• ‘Blackadder’ debate shows Britain still at war over WWI


    One hundred years after the start of World War I, Britain has been gripped by an unexpectedly bitter argument over the legacy of the conflict, focusing on the television comedy “Blackadder”.

    Comments by Secretary of State for Education Michael Gove about the war this week have sparked a fierce debate that, despite its historical origins, goes to the heart of present-day questions about British identity.

    Gove, a horn-rim-spectacled hawk, said in a newspaper article that “left-wing” myths about the “Great War” belittle Britain and absolve Germany of blame.

    He wrote in the Daily Mail that programmes such as “Blackadder” had distorted history by depicting the war as a “misbegotten shambles — a series of catastrophic mistakes perpetrated by an out-of-touch elite.”

    The fourth and final series of Blackadder, first broadcast in 1989 but still shown as part of history lessons in some schools, stars Rowan Atkinson as Captain Edmund Blackadder, an officer in the trenches of Flanders in 1917.

    It mocked the military leadership of the time, particularly in the figure of a pompous general played by Stephen Fry.

    But it ended on a poignant note as Blackadder and other characters went “over the top” to their deaths.

    Like many other European countries and Commonwealth nations such as Australia and New Zealand, Britain has planned a series of events to commemorate the terrible human sacrifice of World War I.

    In Britain, World Wars I and II are still widely seen as high-water marks of national courage and reminders of a more glorious past.

    A century on, those memories seem particularly salient as Britain faces something of an identity crisis. There is a referendum on Scottish independence in September and a possible vote on EU membership in 2017, all set against the drab background of continuing austerity measures.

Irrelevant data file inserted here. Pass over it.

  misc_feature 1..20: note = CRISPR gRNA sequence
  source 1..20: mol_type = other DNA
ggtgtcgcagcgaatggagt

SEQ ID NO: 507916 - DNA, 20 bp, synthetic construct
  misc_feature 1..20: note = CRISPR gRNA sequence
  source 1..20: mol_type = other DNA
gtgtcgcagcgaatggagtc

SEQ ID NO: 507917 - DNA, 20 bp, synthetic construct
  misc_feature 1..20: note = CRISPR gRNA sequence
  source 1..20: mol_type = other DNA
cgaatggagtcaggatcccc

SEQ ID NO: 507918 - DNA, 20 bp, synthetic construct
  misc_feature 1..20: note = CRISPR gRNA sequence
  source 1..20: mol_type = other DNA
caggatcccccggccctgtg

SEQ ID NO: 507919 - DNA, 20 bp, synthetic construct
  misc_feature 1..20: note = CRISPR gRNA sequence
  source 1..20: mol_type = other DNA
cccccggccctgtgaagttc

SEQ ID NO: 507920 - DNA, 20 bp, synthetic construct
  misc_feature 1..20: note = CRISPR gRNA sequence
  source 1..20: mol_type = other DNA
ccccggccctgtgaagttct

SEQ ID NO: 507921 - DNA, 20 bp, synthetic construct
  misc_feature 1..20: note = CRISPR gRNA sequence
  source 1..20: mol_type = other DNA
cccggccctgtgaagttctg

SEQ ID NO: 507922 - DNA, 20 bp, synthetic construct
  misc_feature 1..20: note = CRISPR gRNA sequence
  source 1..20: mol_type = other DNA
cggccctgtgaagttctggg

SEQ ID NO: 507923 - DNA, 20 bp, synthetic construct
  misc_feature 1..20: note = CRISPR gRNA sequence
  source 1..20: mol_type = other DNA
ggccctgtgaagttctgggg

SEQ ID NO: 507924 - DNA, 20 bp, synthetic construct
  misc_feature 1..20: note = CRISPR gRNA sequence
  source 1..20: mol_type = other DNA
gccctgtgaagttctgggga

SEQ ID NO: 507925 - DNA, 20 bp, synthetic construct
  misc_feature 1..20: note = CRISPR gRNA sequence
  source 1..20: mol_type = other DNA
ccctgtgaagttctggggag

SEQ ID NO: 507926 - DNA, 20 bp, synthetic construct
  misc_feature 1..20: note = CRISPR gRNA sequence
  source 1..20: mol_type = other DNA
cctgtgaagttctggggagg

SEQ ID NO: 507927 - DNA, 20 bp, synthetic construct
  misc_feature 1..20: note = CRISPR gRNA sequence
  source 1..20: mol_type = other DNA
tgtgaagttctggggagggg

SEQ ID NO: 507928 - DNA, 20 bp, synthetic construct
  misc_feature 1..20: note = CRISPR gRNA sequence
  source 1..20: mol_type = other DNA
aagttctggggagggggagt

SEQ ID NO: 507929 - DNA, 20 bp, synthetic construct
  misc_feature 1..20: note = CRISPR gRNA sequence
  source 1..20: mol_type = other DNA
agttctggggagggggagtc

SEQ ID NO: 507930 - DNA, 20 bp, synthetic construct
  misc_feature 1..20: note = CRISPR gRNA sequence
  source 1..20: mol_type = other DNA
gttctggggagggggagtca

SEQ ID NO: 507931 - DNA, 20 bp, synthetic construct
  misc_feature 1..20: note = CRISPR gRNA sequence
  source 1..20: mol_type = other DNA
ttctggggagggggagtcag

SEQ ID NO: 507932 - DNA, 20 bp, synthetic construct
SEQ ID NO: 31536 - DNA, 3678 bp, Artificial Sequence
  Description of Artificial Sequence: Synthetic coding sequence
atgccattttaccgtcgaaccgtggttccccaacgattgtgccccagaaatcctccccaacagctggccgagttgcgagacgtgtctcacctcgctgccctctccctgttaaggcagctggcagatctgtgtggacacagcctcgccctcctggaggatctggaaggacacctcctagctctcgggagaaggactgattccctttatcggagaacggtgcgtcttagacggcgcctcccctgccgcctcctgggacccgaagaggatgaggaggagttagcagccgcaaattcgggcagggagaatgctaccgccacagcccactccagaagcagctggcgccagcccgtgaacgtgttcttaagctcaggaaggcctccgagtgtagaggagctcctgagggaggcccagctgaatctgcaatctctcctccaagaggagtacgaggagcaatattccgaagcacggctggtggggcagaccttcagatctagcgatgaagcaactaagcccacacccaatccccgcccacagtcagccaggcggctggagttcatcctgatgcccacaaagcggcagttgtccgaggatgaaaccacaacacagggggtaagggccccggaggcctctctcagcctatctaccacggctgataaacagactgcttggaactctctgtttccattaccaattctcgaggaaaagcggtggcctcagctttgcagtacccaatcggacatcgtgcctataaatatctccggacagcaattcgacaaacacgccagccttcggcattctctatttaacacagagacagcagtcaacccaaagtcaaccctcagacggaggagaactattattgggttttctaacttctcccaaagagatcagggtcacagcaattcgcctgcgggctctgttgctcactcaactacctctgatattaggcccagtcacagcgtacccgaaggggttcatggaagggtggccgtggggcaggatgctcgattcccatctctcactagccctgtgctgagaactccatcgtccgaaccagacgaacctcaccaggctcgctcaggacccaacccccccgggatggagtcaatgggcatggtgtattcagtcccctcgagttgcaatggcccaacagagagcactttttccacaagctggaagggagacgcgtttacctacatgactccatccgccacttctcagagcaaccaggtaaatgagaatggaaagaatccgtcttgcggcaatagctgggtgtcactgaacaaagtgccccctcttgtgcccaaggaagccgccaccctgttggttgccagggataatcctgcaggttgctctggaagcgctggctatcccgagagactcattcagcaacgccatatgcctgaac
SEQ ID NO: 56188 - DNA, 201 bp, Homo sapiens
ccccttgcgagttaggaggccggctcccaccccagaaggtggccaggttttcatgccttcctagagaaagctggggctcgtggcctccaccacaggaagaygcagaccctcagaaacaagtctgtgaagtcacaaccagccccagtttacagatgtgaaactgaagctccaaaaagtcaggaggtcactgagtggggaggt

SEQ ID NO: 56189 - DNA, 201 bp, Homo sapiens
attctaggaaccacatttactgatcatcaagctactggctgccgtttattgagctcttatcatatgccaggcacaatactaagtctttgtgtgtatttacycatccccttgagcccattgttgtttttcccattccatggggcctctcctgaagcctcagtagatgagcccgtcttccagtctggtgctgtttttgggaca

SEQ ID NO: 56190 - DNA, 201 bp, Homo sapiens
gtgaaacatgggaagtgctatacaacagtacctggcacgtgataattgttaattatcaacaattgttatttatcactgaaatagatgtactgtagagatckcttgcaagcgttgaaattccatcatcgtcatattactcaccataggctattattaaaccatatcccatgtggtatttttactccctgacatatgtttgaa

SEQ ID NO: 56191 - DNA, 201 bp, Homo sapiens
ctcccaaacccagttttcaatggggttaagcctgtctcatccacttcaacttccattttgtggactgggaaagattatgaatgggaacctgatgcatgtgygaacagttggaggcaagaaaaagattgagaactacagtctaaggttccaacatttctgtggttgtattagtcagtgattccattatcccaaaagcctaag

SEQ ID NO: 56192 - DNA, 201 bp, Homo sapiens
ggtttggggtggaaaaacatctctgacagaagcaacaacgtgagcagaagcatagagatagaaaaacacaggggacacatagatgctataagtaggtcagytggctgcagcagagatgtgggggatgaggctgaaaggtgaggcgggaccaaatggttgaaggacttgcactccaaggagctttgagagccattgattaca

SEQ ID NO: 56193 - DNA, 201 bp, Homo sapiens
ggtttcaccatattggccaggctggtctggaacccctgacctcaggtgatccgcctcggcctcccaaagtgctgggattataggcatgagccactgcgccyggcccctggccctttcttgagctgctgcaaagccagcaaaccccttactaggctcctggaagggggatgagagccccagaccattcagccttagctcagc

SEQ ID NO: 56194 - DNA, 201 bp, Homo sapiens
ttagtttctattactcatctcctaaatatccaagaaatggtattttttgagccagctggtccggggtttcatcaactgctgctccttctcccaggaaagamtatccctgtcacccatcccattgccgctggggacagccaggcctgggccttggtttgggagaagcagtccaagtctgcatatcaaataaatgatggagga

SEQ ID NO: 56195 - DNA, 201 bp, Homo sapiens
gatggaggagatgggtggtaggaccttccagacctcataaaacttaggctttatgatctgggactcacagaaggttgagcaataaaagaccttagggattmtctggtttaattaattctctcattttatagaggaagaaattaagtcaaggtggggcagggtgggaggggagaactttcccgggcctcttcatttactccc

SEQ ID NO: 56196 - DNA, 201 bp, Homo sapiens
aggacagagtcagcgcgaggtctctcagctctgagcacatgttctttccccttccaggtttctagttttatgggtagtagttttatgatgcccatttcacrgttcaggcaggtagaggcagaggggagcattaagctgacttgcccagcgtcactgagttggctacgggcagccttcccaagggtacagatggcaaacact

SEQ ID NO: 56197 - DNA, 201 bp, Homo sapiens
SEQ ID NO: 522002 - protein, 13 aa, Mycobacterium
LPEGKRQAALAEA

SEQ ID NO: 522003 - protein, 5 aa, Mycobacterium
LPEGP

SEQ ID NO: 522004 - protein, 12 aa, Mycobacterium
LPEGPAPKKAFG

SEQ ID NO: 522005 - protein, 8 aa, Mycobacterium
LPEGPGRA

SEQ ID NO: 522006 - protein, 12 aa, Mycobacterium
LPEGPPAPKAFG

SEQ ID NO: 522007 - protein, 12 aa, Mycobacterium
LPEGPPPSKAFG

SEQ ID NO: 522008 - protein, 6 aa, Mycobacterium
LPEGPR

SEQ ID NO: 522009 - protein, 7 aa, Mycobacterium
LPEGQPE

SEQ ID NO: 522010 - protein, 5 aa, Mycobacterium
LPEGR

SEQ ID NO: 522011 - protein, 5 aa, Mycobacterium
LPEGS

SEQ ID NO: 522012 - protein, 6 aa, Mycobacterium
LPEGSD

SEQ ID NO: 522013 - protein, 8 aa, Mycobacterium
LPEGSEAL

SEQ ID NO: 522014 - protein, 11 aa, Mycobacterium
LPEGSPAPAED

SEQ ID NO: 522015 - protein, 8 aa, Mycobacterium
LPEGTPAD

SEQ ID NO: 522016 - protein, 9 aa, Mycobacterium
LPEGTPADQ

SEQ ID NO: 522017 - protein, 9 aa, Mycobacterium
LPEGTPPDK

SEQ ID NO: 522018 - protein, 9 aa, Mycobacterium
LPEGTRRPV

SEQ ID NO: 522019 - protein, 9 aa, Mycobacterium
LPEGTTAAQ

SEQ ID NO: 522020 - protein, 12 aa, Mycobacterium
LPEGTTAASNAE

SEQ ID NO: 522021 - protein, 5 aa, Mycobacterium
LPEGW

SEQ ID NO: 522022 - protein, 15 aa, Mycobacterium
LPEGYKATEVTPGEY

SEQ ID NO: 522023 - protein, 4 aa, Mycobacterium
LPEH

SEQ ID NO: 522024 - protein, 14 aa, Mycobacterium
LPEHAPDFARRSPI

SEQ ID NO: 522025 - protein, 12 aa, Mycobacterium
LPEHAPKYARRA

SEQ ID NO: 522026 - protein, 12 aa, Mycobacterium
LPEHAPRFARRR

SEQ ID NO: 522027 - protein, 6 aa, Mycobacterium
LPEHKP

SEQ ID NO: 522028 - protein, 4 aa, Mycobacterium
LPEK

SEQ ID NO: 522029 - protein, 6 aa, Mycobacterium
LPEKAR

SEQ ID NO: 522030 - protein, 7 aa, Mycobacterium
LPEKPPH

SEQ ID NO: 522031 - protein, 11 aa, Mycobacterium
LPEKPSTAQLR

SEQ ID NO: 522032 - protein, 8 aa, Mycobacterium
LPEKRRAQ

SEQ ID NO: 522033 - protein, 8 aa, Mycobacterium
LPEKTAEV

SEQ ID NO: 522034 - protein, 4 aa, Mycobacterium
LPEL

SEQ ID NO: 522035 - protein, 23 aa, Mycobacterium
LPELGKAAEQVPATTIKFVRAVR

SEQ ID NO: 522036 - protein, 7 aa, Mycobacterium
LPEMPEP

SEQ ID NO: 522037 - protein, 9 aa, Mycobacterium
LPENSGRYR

The row that erupted over Gove’s comments showed that the “Great War” remains a sensitive issue.

    One of the first to take exception was actor Tony Robinson, who played Blackadder’s dim sidekick, Baldrick.

    “I think Mr Gove has just made a very silly mistake,” Robinson, a vocal supporter of the Labour Party, told Sky News.

    “To categorise teachers who would introduce something like Blackadder as left-wing and introducing left-wing propaganda is very, very unhelpful.”

    Labour education spokesman Tristram Hunt accused Gove and the government of a “crass” attempt to use the commemorations to “rewrite the historical record and sow political division.”

    Meanwhile Gove won few friends with his comments about Germany being to blame for the war.

    The minister wrote that it was “plainly a just war”, and that the “ruthless social Darwinism of the German elites, the pitiless approach they took to occupation, their aggressively expansionist war aims and their scorn for the international order all made resistance more than justified.”

    As education minister, Gove has helped rewrite a national history curriculum that once heavily relied on critical accounts of the 1914-1918 conflict, such as those of the “War Poets” like Wilfred Owen and Siegfried Sassoon.

    But his comments opened up yet another rift in the increasingly eurosceptic coalition government.

    Lib Dem Deputy Prime Minister Nick Clegg, who is half Dutch and whose wife is Spanish, said the commemorations should be sombre and avoid “finger wagging”.

    But Prime Minister David Cameron’s official spokesman backed Gove, saying Britain should commemorate the war “without being afraid to say it was right for Britain to respond to aggression”.

    While the political row is new, it mirrors decades of debate among historians about the causes and conduct of World War I.

    Historian Richard Evans, who was singled out for criticism by Gove in his article, wrote in The Guardian that the minister was “playing to the gallery” instead of properly considering the evidence and sources.

    But historian Max Hastings, whose recent book “Catastrophe” traces the origins of the conflict, said Gove was “largely right” and accused the left of trying to “make an ideological argument out of World War I, as it does out of almost everything else in history.”



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